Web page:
Email trustworthiness: Here’s how to avoid looking like spam
By Len Shneyder
We’ve come a long way since the early days of email and its critical role in all corners of the internet. Today, email is the life line between brands and consumers — transactional email helps close the loop on user-initiated transactions, thus limiting the amount of time both parties need to spend tying up loose ends. Password resets have automated the most basic customer service function. Believe it or not, there used to be long wait times on phones to change a password or re-access an application that locked you out. According to Forrester research, a helpdesk call for a password reset can run a company $70 per call!
Meanwhile, two-factor authentication that combines mobile apps, PII designated by the user and, on occasion, an email have made critical applications and services more secure. Email is not only the means by which the internet has been built — allowing collaboration between remote parties — but it has become the very foundation of digital identity, in addition to the most reliable, personalized and universal document store in the world.
The rise of spam
At the same time that the commercial use of the internet became more than just an idea (Amazon was launched in 1994), the potential exploits of email became equally obvious as more and more people began to use the medium.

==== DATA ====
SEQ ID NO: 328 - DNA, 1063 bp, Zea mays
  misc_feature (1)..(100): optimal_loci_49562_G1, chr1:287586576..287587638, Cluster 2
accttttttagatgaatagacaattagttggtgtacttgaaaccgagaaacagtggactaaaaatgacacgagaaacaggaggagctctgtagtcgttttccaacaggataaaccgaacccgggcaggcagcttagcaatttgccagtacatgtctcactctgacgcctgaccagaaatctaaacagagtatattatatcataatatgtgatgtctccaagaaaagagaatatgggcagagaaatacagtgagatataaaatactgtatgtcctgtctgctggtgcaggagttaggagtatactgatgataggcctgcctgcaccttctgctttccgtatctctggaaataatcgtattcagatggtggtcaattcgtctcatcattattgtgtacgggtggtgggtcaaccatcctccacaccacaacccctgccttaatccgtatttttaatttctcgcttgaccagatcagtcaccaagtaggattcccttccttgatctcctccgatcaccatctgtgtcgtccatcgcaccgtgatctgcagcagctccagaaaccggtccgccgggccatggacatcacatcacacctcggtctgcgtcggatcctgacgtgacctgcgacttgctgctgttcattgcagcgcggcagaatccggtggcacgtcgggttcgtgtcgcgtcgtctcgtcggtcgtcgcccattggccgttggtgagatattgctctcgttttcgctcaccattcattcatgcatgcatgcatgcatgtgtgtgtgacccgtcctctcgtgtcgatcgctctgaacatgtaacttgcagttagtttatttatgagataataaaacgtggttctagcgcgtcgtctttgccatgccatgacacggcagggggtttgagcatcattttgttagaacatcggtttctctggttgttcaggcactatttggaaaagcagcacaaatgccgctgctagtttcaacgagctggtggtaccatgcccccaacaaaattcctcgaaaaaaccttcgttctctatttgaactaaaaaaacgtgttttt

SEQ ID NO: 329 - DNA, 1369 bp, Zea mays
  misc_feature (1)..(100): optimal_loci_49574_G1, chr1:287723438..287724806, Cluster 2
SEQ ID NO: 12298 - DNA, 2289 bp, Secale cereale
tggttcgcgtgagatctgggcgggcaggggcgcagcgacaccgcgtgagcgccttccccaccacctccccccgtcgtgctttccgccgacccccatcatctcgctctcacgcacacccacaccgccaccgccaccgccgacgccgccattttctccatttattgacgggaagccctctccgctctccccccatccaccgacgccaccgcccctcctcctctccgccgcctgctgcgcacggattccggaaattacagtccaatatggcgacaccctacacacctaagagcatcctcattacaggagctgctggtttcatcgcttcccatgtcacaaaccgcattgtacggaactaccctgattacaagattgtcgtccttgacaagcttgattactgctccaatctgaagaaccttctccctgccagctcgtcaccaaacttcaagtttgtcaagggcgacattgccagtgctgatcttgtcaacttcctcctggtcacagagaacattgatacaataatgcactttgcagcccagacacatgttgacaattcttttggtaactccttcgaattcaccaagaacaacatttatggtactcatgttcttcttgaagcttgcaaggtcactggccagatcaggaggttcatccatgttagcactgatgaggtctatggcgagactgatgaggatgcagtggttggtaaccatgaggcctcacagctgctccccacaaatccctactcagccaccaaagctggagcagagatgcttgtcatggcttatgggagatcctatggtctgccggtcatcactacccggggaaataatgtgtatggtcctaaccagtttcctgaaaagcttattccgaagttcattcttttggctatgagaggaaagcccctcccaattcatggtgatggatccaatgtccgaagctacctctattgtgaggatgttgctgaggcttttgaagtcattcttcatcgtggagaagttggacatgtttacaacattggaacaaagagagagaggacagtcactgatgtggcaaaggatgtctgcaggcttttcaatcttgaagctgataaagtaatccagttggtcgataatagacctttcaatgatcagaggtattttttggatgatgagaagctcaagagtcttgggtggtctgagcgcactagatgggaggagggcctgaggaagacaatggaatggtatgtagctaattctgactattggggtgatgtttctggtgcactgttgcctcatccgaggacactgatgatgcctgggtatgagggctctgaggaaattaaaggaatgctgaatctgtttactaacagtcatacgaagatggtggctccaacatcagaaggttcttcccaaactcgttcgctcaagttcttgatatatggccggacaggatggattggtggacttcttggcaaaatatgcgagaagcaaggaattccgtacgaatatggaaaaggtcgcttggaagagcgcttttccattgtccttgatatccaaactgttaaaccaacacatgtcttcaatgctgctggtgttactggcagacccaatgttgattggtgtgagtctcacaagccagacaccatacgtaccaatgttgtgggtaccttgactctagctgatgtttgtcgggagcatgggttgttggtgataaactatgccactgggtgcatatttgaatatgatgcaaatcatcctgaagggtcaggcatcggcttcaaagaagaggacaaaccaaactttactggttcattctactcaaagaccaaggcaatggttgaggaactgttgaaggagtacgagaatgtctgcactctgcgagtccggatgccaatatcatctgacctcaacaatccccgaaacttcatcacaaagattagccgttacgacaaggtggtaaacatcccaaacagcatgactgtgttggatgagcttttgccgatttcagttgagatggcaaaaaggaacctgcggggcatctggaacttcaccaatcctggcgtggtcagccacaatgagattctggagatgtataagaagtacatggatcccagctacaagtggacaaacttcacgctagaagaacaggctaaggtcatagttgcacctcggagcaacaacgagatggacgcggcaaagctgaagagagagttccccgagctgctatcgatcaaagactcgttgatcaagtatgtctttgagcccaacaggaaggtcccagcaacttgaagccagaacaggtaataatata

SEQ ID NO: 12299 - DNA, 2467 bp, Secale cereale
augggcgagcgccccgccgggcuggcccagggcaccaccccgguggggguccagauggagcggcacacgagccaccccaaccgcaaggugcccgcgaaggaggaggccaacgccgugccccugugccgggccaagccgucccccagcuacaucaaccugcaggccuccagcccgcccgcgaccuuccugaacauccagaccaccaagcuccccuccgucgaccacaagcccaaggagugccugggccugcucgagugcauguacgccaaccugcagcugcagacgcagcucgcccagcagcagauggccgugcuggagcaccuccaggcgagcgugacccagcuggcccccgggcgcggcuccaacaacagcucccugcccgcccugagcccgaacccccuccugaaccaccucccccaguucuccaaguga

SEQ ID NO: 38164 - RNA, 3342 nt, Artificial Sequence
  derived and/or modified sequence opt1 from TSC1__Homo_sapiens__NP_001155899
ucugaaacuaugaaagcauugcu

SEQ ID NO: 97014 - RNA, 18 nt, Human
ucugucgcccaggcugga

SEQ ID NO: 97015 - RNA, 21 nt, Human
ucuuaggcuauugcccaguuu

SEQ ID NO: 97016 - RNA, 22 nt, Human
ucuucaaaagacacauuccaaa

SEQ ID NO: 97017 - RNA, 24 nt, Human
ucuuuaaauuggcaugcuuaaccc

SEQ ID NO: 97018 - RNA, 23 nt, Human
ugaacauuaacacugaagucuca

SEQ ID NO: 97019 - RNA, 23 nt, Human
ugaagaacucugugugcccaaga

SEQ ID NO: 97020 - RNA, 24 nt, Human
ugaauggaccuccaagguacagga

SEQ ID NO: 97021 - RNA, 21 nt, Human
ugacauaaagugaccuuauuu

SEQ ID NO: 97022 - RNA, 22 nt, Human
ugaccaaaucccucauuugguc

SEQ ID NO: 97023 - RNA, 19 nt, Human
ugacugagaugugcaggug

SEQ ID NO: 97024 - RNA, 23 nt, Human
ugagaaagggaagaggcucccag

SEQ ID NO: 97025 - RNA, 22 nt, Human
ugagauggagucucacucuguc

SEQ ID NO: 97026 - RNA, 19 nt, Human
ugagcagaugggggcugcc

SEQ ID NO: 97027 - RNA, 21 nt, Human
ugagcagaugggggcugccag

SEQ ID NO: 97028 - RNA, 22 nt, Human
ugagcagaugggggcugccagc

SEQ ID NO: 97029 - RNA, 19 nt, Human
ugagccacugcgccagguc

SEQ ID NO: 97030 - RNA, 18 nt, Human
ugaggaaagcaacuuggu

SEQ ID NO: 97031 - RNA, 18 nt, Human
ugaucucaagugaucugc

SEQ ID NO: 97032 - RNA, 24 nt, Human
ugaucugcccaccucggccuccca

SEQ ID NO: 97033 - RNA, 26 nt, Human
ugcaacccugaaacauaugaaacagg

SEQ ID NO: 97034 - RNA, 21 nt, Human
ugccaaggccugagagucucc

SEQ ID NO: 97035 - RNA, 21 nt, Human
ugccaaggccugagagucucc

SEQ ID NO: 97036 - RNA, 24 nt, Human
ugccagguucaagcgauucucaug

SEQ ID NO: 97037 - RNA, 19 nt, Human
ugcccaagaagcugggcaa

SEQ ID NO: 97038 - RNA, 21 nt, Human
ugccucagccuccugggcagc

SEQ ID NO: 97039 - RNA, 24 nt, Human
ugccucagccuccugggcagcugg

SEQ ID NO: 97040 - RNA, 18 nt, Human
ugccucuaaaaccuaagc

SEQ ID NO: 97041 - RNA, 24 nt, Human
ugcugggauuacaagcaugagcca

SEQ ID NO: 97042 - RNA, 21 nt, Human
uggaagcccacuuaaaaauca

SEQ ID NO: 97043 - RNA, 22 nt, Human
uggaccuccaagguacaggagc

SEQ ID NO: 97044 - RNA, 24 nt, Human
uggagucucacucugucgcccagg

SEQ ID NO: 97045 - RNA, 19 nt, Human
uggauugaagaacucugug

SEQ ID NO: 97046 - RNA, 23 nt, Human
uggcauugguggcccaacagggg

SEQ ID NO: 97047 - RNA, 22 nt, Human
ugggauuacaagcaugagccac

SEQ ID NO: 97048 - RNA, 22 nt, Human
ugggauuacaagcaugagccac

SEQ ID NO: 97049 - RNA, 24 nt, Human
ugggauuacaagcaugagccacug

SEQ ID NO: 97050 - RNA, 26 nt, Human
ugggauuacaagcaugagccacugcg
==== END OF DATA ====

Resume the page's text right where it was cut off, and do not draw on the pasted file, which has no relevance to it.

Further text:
The genius of email was that it was essentially an open platform and standard when it was built. There was no such thing as authentication because the concept of trusting the sender of a message was a given due to email’s academic originators and user base. The progenitors of email couldn’t have imagined the prolific use of the medium today — the sheer scale and velocity of email communications is mind-blowing. But this openness and scale are precisely what drew fraudsters and cyber criminals to abuse the channel.
The term spam was coined in 1993 — not in reference to email but in relation to messages posted to USENET, quite accidentally at first, but then maliciously. Soon this term was applied to all forms of Unwanted Commercial Email (UCE). By the late 90s, email spam was a massive problem and several different approaches were used to try and curtail its growing volume. Companies like MAPS were born to identify and list spam sources (IPs and mail servers) generating millions of unwanted messages. Software such as SpamAssassin was released in 2001 as an off-the-shelf set of filters capable of identifying spam sent to a receiving domain. ISPs and mailbox providers began keeping tabs of IPs sending massive amounts of spam as a means to identify and stop them at their source, however temporarily.
As you can imagine, these measures helped but the onslaught continued mostly without cessation to this day. It was estimated that nine out of every ten messages back then was spam. This metric is more or less unchanged today. Some measures, like Cisco’s Talos, put the ratio at 85 percent spam to 15 …read more
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